Reuters - Business Video Online (Nov. 25, 2014) With no immediate prospect of sanctions relief for Iran, and no solid progress in negotiations with the West over the country's nuclear programme, Ciara Lee asks why talks have still not produced results and what a resolution would mean for both parties. Video provided by Reuters
Powered by NewsLook.com
Flying Enthusiast Converts Real-Life Aircraft Cockpit Into Simulator

Flying Enthusiast Converts Real-Life Aircraft Cockpit Into Simulator

Reuters - Innovations Video Online (Nov. 25, 2014) A virtual flying enthusiast converts parts of a written-off Airbus aircraft into a working flight simulator in his northern Slovenian home. Jim Drury reports. Video provided by Reuters
Powered by NewsLook.com
Car Park Solution for Flexible Green Energy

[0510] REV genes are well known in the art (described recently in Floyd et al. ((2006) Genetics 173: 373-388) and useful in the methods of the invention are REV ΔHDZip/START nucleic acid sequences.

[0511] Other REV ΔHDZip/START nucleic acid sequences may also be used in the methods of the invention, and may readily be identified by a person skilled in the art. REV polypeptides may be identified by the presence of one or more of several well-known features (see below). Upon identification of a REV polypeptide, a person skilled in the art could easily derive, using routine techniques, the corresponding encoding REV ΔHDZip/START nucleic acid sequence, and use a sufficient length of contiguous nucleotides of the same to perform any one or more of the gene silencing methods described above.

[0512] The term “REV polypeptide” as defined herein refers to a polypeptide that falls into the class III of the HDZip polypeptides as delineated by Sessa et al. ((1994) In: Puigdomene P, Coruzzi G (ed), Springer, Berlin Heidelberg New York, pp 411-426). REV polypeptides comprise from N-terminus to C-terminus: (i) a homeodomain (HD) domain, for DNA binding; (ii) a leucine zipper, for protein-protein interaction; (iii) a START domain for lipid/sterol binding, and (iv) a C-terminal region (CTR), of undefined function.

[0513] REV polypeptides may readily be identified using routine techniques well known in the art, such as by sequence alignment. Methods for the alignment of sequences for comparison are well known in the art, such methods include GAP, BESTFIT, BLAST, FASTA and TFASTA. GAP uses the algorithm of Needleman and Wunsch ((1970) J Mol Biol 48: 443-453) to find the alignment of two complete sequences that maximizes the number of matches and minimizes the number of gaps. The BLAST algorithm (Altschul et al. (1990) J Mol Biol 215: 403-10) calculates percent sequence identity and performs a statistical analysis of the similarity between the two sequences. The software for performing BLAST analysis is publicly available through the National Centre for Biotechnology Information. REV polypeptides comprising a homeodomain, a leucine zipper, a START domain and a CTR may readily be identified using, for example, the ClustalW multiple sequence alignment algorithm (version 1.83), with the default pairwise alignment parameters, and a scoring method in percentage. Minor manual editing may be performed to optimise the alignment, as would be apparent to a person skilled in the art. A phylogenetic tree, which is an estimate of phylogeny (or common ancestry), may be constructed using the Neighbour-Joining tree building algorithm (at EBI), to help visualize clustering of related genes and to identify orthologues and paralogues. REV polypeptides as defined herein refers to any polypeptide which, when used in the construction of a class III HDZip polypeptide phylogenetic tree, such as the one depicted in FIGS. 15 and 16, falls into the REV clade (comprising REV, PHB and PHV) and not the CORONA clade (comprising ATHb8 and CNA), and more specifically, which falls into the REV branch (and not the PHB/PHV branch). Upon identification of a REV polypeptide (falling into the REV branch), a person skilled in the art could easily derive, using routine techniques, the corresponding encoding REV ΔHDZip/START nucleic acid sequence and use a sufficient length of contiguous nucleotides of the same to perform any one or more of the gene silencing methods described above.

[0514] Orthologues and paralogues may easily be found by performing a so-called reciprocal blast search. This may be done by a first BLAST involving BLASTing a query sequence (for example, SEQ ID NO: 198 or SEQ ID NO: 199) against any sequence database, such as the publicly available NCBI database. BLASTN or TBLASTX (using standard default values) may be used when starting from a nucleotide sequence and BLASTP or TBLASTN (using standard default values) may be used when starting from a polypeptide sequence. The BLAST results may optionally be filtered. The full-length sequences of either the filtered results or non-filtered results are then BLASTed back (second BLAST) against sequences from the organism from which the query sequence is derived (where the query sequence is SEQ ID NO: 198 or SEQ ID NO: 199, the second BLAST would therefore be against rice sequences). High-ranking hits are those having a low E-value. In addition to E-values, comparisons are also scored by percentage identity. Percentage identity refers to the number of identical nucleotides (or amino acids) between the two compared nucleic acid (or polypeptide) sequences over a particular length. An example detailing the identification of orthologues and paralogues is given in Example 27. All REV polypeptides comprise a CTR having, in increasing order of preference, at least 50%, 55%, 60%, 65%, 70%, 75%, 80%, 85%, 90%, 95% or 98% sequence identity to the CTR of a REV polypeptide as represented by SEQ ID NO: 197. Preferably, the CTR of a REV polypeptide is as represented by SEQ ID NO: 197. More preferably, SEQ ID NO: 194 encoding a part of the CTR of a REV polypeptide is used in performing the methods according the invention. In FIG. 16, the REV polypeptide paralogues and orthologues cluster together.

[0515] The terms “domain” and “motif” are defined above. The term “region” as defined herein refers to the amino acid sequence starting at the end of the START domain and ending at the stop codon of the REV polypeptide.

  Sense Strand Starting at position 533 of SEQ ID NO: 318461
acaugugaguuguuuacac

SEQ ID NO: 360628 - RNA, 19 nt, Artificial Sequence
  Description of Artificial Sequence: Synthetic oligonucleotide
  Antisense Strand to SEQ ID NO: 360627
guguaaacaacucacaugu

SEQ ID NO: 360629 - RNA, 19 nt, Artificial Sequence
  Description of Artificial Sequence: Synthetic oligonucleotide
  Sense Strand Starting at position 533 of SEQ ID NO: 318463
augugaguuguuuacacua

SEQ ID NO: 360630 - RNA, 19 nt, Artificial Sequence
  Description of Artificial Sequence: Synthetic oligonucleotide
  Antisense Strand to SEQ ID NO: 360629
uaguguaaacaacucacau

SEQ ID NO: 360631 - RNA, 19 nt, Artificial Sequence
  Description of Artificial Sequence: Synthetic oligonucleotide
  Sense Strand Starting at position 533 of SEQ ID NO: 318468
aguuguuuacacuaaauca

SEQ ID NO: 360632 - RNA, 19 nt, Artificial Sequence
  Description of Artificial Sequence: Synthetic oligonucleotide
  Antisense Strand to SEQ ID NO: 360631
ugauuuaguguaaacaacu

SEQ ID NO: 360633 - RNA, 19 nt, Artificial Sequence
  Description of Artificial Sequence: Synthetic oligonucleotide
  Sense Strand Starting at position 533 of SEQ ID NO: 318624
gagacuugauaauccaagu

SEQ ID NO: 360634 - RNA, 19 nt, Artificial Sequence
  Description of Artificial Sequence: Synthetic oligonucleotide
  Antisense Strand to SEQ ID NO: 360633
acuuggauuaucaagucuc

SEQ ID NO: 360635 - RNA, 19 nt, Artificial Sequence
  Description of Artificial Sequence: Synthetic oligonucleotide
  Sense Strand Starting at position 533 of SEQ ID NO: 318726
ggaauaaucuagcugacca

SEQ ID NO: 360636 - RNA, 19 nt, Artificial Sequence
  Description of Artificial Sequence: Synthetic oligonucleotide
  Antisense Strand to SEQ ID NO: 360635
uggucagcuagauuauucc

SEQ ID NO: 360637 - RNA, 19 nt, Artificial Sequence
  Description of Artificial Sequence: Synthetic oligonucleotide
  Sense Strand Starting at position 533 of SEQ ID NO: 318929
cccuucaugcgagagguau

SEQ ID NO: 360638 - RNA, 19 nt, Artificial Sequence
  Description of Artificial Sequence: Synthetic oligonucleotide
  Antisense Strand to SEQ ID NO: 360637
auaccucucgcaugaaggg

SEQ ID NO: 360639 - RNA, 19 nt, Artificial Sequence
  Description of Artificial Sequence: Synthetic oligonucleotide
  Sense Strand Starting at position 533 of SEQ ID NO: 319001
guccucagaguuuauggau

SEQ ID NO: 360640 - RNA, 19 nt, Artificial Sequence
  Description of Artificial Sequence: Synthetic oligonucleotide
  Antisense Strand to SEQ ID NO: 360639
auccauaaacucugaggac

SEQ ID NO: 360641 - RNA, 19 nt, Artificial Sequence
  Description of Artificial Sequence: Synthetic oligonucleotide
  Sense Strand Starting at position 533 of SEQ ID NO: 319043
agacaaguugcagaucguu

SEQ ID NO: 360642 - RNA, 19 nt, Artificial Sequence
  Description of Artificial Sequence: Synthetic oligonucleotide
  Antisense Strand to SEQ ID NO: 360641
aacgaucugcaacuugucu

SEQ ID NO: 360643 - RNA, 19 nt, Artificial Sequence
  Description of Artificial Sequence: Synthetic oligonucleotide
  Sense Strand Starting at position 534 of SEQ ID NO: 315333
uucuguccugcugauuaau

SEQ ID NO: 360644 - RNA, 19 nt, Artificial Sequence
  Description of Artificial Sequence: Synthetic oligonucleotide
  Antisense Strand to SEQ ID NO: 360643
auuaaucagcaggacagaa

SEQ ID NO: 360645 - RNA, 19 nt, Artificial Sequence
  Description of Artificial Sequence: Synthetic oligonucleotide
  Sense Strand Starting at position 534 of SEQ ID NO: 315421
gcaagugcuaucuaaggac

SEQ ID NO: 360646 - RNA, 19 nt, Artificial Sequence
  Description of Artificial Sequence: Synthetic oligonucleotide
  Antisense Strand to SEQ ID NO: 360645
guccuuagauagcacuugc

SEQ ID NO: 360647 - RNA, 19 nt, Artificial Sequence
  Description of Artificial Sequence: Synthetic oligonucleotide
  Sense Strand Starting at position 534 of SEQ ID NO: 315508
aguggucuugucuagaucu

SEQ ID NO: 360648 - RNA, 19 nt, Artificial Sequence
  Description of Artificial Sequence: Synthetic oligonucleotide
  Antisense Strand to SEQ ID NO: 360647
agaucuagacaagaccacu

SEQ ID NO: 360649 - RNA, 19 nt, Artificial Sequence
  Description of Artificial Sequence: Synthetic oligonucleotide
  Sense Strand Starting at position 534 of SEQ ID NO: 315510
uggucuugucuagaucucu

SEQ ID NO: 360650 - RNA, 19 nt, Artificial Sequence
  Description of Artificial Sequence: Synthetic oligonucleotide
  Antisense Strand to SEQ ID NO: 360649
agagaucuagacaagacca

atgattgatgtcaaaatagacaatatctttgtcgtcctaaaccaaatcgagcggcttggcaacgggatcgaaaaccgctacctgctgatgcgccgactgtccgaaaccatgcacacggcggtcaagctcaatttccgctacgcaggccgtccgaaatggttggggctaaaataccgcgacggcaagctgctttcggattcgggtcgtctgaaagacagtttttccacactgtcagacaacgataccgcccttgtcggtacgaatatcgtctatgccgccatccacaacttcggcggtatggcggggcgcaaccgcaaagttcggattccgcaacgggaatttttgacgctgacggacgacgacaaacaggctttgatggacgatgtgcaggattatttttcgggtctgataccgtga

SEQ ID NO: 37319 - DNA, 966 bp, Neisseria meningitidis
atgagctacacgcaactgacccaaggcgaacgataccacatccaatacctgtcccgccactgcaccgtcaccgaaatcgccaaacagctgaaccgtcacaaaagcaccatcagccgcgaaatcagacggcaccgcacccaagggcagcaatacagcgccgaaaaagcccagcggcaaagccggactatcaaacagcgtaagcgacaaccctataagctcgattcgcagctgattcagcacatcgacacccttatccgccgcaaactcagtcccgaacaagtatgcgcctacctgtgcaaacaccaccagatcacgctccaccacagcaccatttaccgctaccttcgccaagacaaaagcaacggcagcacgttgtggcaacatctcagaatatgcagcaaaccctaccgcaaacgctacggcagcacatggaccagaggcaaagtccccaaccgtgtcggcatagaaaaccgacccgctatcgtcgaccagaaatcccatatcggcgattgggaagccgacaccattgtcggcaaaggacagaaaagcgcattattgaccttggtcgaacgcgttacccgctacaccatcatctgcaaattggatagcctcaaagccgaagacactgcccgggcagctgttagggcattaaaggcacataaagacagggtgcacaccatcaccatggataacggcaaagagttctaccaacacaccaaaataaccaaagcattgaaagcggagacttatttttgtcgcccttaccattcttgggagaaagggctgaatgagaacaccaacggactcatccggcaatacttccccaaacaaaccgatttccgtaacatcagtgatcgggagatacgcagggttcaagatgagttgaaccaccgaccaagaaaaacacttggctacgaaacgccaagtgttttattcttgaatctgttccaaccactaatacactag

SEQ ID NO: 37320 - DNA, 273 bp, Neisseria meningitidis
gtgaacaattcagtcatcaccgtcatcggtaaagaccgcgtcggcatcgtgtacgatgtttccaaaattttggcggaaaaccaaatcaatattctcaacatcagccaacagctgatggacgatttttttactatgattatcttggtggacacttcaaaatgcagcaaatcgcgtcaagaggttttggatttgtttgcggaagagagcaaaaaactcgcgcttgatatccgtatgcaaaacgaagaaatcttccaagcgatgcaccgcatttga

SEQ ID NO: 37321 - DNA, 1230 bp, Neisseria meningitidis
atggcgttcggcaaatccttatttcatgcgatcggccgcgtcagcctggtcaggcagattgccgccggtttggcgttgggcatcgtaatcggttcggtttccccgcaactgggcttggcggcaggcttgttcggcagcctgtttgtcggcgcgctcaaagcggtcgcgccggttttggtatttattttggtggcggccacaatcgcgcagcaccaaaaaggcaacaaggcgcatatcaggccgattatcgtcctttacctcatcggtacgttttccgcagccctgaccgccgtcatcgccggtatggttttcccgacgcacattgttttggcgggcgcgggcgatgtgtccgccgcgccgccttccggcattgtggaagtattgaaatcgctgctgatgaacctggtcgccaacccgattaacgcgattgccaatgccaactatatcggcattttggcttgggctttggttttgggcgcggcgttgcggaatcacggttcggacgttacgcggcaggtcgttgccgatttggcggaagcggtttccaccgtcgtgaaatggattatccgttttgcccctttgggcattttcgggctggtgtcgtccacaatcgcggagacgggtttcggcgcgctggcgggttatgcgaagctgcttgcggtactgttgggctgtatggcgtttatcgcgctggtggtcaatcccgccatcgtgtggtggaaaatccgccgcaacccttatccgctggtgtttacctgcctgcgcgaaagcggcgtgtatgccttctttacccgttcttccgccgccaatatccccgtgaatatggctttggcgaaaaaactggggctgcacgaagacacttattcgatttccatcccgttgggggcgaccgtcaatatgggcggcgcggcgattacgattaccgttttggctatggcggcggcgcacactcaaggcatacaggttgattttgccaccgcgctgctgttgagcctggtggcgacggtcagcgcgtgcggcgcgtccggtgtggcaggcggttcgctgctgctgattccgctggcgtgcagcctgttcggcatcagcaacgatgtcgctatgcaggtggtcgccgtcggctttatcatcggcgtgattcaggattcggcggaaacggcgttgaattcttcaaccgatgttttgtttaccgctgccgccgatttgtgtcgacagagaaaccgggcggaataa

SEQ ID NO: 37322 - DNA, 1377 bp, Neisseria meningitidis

Car Park Solution for Flexible Green Energy

Reuters - Innovations Video Online (Nov. 24, 2014) A British solar power start-up says that by covering millions of existing car park spaces around the UK with flexible solar panels, the country's power problems could be solved. Suzannah Butcher reports. Video provided by Reuters
Powered by NewsLook.com
Microsoft Adds Robot Guards, Ushers In Sci-Fi Apocalypse

Microsoft Adds Robot Guards, Ushers In Sci-Fi Apocalypse

Newsy (Nov. 23, 2014) Microsoft has robotic security guards working at its Silicon Valley Campus. Video provided by Newsy
Powered by NewsLook.com

Search ScienceDaily

Number of stories in archives: 140,361

Find with keyword(s):